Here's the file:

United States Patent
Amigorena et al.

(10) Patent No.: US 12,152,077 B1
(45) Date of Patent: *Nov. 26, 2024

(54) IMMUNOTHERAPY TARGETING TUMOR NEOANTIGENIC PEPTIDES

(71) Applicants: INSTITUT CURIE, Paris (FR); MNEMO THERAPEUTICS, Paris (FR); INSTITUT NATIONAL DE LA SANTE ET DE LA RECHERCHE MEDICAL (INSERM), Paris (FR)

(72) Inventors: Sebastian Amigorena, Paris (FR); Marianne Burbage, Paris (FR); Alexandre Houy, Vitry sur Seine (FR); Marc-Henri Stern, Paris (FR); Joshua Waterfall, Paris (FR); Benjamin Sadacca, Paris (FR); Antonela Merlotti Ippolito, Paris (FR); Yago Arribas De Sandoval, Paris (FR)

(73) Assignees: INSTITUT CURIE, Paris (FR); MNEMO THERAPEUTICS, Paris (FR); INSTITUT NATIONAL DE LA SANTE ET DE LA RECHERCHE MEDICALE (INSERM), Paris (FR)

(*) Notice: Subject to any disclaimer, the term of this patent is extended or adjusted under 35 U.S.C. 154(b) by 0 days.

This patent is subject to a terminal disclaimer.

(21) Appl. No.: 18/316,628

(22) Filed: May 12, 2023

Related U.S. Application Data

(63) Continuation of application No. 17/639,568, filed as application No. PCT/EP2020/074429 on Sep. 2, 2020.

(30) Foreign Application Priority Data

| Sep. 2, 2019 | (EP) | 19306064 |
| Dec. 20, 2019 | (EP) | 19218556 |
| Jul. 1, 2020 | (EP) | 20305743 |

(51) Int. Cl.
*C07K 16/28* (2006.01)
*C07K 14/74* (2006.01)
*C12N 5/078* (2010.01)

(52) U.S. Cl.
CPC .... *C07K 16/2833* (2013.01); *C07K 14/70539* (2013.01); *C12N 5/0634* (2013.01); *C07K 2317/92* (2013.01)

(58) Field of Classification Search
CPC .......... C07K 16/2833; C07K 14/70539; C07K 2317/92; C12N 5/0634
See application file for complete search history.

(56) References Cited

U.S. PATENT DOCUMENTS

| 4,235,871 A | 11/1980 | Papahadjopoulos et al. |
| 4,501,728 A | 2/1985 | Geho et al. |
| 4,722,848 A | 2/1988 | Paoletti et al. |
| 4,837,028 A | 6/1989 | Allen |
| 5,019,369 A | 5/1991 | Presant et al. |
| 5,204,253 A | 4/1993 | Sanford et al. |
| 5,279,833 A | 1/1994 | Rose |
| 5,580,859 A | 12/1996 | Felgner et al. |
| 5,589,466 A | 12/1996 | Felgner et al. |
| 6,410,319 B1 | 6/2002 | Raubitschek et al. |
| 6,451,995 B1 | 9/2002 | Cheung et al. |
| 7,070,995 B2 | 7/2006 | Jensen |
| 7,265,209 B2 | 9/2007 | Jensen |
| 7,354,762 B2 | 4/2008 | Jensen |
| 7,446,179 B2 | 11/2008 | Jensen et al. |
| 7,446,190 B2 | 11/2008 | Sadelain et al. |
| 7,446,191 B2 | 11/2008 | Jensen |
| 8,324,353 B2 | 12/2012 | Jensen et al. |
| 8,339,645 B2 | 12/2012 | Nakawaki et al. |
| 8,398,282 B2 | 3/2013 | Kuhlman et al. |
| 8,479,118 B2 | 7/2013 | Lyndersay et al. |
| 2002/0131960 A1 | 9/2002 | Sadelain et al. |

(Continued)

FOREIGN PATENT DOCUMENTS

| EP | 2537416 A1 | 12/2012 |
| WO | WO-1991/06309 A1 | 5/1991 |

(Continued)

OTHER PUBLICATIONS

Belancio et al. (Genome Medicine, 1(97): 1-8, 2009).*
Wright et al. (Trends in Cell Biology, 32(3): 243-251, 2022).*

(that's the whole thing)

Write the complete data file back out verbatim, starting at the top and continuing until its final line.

United States Patent
Amigorena et al.

(10) Patent No.: US 12,152,077 B1
(45) Date of Patent: *Nov. 26, 2024

(54) IMMUNOTHERAPY TARGETING TUMOR NEOANTIGENIC PEPTIDES

(71) Applicants: INSTITUT CURIE, Paris (FR); MNEMO THERAPEUTICS, Paris (FR); INSTITUT NATIONAL DE LA SANTE ET DE LA RECHERCHE MEDICAL (INSERM), Paris (FR)

(72) Inventors: Sebastian Amigorena, Paris (FR); Marianne Burbage, Paris (FR); Alexandre Houy, Vitry sur Seine (FR); Marc-Henri Stern, Paris (FR); Joshua Waterfall, Paris (FR); Benjamin Sadacca, Paris (FR); Antonela Merlotti Ippolito, Paris (FR); Yago Arribas De Sandoval, Paris (FR)

(73) Assignees: INSTITUT CURIE, Paris (FR); MNEMO THERAPEUTICS, Paris (FR); INSTITUT NATIONAL DE LA SANTE ET DE LA RECHERCHE MEDICALE (INSERM), Paris (FR)

(*) Notice: Subject to any disclaimer, the term of this patent is extended or adjusted under 35 U.S.C. 154(b) by 0 days.

This patent is subject to a terminal disclaimer.

(21) Appl. No.: 18/316,628

(22) Filed: May 12, 2023

Related U.S. Application Data

(63) Continuation of application No. 17/639,568, filed as application No. PCT/EP2020/074429 on Sep. 2, 2020.

(30) Foreign Application Priority Data

| Sep. 2, 2019 | (EP) | 19306064 |
| Dec. 20, 2019 | (EP) | 19218556 |
| Jul. 1, 2020 | (EP) | 20305743 |

(51) Int. Cl.
*C07K 16/28* (2006.01)
*C07K 14/74* (2006.01)
*C12N 5/078* (2010.01)

(52) U.S. Cl.
CPC .... *C07K 16/2833* (2013.01); *C07K 14/70539* (2013.01); *C12N 5/0634* (2013.01); *C07K 2317/92* (2013.01)

(58) Field of Classification Search
CPC .......... C07K 16/2833; C07K 14/70539; C07K 2317/92; C12N 5/0634
See application file for complete search history.

(56) References Cited

U.S. PATENT DOCUMENTS

| 4,235,871 A | 11/1980 | Papahadjopoulos et al. |
| 4,501,728 A | 2/1985 | Geho et al. |
| 4,722,848 A | 2/1988 | Paoletti et al. |
| 4,837,028 A | 6/1989 | Allen |
| 5,019,369 A | 5/1991 | Presant et al. |
| 5,204,253 A | 4/1993 | Sanford et al. |
| 5,279,833 A | 1/1994 | Rose |
| 5,580,859 A | 12/1996 | Felgner et al. |
| 5,589,466 A | 12/1996 | Felgner et al. |
| 6,410,319 B1 | 6/2002 | Raubitschek et al. |
| 6,451,995 B1 | 9/2002 | Cheung et al. |
| 7,070,995 B2 | 7/2006 | Jensen |
| 7,265,209 B2 | 9/2007 | Jensen |
| 7,354,762 B2 | 4/2008 | Jensen |
| 7,446,179 B2 | 11/2008 | Jensen et al. |
| 7,446,190 B2 | 11/2008 | Sadelain et al. |
| 7,446,191 B2 | 11/2008 | Jensen |
| 8,324,353 B2 | 12/2012 | Jensen et al. |
| 8,339,645 B2 | 12/2012 | Nakawaki et al. |
| 8,398,282 B2 | 3/2013 | Kuhlman et al. |
| 8,479,118 B2 | 7/2013 | Lyndersay et al. |
| 2002/0131960 A1 | 9/2002 | Sadelain et al. |

(Continued)

FOREIGN PATENT DOCUMENTS

| EP | 2537416 A1 | 12/2012 |
| WO | WO-1991/06309 A1 | 5/1991 |

(Continued)

OTHER PUBLICATIONS

Belancio et al. (Genome Medicine, 1(97): 1-8, 2009).*
Wright et al. (Trends in Cell Biology, 32(3): 243-251, 2022).*